Gonzales , 550 U.S. at 135–36, 127 S.Ct. 1610 (citations omitted). Dr. Bernard and Defendants here describe the procedure in materially identical terms. Pl. Decl. ¶¶ 17–20; Dkt. 30, ¶¶ 10–13 [hereinafter Francis Decl.].

When Dr. Bernard performs D & E, she uses laminaria. Pl. Decl. ¶ 17. If the pregnancy is more than 17 weeks LMP, the procedure takes two days: Dr. Bernard inserts the laminaria on the first day; the patient leaves the hospital and returns on the next day for the procedure. Id. ¶ 18. If the pregnancy is less than 17 weeks LMP, dilation and evacuation happen on the same day. Id. Once the cervix is sufficiently dilated, evacuation "generally takes no more than 10–15 minutes." Id. ¶ 20. Dr. Bernard uses ultrasound imaging to confirm the uterus has been completely evacuated. Pl. Dep. 19:1–4.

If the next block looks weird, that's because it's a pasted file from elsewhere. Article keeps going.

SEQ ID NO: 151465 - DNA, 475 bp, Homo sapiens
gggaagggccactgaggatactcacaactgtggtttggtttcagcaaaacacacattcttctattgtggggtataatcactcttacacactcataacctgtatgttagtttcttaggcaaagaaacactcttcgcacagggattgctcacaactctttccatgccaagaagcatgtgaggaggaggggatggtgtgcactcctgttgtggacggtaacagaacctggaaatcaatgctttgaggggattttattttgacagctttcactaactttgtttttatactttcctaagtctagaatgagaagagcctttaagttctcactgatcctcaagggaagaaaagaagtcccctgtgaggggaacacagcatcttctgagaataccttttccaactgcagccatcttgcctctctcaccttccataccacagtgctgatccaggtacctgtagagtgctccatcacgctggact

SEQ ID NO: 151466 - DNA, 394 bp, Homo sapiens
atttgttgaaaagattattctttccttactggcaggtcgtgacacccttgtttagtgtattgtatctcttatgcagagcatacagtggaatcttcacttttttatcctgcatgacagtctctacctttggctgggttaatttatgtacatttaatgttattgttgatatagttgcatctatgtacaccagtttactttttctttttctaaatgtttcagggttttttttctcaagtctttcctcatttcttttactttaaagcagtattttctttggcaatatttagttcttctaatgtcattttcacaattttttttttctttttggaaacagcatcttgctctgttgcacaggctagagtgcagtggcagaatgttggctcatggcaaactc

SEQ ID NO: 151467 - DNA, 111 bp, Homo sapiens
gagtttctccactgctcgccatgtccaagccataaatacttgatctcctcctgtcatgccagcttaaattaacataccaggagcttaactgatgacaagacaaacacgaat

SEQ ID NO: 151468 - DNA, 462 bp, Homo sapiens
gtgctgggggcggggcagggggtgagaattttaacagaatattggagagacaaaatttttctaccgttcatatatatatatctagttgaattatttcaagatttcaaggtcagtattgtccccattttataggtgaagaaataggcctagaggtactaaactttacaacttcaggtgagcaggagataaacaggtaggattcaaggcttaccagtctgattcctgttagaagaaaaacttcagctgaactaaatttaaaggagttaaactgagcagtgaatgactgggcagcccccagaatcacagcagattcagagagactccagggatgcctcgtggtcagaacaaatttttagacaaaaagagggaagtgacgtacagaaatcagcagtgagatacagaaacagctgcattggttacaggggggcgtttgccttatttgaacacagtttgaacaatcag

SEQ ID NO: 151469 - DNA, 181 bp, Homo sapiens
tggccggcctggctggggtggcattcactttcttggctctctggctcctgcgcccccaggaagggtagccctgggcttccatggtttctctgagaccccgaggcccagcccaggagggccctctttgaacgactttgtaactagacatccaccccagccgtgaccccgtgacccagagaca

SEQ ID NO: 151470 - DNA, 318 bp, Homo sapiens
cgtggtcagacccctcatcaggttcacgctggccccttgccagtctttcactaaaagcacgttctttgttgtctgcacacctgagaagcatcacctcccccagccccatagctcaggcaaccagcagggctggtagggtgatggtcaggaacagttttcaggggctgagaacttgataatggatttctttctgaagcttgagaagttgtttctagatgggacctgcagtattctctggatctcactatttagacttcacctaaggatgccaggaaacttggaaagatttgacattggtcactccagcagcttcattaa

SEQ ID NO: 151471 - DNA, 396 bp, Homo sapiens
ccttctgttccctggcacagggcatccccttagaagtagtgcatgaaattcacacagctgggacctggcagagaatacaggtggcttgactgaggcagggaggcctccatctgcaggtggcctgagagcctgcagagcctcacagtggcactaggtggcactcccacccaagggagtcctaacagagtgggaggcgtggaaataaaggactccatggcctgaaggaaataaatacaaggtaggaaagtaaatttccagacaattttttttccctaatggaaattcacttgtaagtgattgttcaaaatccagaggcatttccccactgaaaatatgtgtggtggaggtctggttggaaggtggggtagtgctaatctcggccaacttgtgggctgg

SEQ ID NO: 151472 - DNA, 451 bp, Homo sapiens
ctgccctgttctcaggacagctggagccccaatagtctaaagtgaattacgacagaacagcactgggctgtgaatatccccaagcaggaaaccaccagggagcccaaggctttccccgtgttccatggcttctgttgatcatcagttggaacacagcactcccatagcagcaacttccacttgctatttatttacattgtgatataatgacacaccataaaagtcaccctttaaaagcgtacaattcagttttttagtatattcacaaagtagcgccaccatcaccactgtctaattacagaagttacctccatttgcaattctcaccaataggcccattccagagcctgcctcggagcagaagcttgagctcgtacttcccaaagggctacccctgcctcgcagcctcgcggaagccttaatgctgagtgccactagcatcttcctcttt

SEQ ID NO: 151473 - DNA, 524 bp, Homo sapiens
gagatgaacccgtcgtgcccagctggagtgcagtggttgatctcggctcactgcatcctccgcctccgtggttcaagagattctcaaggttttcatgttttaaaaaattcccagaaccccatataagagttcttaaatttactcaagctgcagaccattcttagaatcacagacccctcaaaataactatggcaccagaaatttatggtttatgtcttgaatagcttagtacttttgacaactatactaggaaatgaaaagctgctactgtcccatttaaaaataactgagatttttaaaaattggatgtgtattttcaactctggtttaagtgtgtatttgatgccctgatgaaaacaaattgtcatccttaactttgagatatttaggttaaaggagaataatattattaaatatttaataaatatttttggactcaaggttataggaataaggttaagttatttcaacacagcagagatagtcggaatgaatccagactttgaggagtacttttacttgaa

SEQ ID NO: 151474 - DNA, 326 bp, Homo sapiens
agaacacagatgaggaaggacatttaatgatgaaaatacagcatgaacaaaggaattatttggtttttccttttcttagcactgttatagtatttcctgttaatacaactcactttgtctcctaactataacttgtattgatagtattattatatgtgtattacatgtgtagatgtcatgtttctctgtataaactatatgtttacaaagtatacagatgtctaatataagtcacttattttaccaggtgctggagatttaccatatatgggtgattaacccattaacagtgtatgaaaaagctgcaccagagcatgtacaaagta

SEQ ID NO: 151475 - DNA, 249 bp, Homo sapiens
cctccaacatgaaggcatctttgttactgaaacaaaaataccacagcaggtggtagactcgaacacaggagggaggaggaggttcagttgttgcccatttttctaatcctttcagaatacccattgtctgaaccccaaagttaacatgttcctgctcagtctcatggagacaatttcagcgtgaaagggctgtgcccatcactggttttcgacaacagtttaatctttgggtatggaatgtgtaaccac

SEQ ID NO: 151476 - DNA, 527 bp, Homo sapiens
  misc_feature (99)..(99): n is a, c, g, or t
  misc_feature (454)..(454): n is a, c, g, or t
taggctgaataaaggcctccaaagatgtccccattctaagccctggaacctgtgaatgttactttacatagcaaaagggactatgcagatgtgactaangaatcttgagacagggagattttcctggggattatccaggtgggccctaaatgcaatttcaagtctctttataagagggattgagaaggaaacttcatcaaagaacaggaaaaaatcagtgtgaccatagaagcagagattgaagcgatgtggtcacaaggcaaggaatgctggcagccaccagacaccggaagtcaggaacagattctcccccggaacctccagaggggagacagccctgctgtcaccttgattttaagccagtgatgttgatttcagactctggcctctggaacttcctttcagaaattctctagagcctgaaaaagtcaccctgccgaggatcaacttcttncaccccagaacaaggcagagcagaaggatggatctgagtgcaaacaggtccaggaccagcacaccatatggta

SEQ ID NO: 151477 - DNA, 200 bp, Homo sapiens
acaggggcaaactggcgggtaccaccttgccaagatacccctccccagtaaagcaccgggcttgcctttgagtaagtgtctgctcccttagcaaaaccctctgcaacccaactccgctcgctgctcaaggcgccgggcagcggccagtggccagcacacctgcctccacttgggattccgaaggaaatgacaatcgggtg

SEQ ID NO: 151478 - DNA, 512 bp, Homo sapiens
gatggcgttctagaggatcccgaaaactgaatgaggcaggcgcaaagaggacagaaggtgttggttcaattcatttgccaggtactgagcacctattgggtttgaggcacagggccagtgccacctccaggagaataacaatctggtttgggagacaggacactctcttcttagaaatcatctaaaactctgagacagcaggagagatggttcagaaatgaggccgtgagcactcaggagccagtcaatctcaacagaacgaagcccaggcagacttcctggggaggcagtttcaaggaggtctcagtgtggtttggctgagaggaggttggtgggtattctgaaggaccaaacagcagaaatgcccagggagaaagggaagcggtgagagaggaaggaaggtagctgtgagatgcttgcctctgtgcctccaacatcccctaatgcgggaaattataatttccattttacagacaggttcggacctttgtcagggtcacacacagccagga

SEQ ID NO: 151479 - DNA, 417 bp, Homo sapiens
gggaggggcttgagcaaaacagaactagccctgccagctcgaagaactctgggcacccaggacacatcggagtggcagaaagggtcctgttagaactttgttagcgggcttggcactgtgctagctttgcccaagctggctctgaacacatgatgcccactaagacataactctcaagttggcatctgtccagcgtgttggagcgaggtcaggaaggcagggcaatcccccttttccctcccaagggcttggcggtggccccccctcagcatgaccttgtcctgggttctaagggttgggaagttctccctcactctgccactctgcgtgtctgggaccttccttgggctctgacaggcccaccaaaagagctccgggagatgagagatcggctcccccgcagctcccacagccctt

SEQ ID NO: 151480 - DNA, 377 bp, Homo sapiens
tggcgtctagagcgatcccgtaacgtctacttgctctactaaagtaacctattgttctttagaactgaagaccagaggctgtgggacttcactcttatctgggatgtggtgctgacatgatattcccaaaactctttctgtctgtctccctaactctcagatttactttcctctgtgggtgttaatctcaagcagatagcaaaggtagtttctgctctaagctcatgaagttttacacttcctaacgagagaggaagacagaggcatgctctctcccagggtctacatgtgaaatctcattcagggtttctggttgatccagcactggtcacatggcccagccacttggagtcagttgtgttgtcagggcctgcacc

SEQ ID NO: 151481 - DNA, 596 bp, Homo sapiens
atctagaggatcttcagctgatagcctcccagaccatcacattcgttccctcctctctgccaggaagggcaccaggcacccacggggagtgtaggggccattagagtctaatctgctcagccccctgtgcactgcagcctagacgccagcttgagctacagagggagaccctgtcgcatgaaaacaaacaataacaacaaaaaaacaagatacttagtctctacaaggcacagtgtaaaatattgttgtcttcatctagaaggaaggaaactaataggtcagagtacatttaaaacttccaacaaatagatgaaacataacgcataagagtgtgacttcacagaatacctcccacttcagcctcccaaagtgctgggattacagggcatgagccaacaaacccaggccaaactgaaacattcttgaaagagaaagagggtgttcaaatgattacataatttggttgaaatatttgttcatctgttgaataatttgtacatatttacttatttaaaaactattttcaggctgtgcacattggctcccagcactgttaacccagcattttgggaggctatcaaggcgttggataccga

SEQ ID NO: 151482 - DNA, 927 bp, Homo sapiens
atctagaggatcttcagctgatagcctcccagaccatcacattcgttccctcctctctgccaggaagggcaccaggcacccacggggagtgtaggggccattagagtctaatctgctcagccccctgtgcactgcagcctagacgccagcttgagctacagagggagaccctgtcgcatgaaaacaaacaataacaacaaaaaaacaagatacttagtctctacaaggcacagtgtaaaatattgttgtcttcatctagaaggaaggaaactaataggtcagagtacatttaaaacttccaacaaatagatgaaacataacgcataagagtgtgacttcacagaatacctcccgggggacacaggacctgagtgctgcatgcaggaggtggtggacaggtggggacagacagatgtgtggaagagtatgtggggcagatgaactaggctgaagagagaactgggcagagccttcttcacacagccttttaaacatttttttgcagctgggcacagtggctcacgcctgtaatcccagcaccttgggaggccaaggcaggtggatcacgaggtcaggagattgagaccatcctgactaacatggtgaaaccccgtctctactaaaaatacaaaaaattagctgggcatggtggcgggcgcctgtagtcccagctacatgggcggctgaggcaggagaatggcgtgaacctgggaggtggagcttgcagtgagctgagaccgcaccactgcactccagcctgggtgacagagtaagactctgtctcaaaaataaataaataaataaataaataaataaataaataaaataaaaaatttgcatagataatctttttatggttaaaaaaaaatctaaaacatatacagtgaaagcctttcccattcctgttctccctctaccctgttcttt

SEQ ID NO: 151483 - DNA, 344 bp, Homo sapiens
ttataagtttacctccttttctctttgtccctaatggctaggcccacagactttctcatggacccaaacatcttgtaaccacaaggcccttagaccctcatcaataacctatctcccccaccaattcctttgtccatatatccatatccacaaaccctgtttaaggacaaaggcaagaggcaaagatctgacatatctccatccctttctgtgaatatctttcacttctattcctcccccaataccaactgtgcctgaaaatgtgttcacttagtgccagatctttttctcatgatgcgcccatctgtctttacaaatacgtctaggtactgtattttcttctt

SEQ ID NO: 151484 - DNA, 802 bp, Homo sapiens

III. Second-Trimester Abortion

"Approximately 1 in 4 women [in the United States] obtain an abortion by the age of 45." Dkt. 12 Ex. 1, ¶ 9 [hereinafter Davis Decl.]. Most are poor. Id. The risk of death from an abortion (less than 1 in 100,000) is fourteen times lower than the risk of death from childbirth (8.8 in 100,000) and "significantly lower" than the risk of death from common outpatient procedures such as colonoscopy

(2.9 in 100,000). Id. ¶ 10. These risks increase with time, however, from 0.1 in 100,000 at 8 weeks LMP and earlier to 8.9 in 100,000 at 21 weeks LMP and later. Dkt. 40 Ex. 11, at 25 [hereinafter ACOG...